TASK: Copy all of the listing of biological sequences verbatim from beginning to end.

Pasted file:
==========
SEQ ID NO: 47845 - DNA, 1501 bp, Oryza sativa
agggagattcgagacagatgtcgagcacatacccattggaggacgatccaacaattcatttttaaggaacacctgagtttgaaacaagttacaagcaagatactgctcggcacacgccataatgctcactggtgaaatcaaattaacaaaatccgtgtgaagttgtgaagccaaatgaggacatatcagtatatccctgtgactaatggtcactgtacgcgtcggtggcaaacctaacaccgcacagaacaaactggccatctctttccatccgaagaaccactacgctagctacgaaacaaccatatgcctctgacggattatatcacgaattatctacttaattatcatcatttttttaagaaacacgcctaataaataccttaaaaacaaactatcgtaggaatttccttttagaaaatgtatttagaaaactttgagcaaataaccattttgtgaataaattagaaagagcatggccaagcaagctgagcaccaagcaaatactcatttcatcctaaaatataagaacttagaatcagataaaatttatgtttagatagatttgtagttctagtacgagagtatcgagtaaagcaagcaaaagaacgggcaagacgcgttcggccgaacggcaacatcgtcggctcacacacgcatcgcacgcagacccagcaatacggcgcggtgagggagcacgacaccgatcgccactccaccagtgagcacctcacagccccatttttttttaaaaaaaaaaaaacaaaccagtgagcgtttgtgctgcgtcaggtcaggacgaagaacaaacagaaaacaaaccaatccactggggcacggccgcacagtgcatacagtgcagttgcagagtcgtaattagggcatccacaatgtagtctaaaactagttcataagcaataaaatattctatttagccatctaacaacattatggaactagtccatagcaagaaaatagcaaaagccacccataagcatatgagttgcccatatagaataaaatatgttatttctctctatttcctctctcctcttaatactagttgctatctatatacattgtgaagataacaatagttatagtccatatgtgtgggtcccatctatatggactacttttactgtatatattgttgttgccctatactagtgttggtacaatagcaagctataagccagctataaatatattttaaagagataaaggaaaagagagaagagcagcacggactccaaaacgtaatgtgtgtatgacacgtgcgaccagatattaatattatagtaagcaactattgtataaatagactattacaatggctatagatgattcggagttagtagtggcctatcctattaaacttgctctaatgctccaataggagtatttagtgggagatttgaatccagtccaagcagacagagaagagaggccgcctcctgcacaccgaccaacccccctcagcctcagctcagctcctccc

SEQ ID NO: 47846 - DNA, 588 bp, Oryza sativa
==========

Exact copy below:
SEQ ID NO: 47845 - DNA, 1501 bp, Oryza sativa
agggagattcgagacagatgtcgagcacatacccattggaggacgatccaacaattcatttttaaggaacacctgagtttgaaacaagttacaagcaagatactgctcggcacacgccataatgctcactggtgaaatcaaattaacaaaatccgtgtgaagttgtgaagccaaatgaggacatatcagtatatccctgtgactaatggtcactgtacgcgtcggtggcaaacctaacaccgcacagaacaaactggccatctctttccatccgaagaaccactacgctagctacgaaacaaccatatgcctctgacggattatatcacgaattatctacttaattatcatcatttttttaagaaacacgcctaataaataccttaaaaacaaactatcgtaggaatttccttttagaaaatgtatttagaaaactttgagcaaataaccattttgtgaataaattagaaagagcatggccaagcaagctgagcaccaagcaaatactcatttcatcctaaaatataagaacttagaatcagataaaatttatgtttagatagatttgtagttctagtacgagagtatcgagtaaagcaagcaaaagaacgggcaagacgcgttcggccgaacggcaacatcgtcggctcacacacgcatcgcacgcagacccagcaatacggcgcggtgagggagcacgacaccgatcgccactccaccagtgagcacctcacagccccatttttttttaaaaaaaaaaaaacaaaccagtgagcgtttgtgctgcgtcaggtcaggacgaagaacaaacagaaaacaaaccaatccactggggcacggccgcacagtgcatacagtgcagttgcagagtcgtaattagggcatccacaatgtagtctaaaactagttcataagcaataaaatattctatttagccatctaacaacattatggaactagtccatagcaagaaaatagcaaaagccacccataagcatatgagttgcccatatagaataaaatatgttatttctctctatttcctctctcctcttaatactagttgctatctatatacattgtgaagataacaatagttatagtccatatgtgtgggtcccatctatatggactacttttactgtatatattgttgttgccctatactagtgttggtacaatagcaagctataagccagctataaatatattttaaagagataaaggaaaagagagaagagcagcacggactccaaaacgtaatgtgtgtatgacacgtgcgaccagatattaatattatagtaagcaactattgtataaatagactattacaatggctatagatgattcggagttagtagtggcctatcctattaaacttgctctaatgctccaataggagtatttagtgggagatttgaatccagtccaagcagacagagaagagaggccgcctcctgcacaccgaccaacccccctcagcctcagctcagctcctccc

SEQ ID NO: 47846 - DNA, 588 bp, Oryza sativa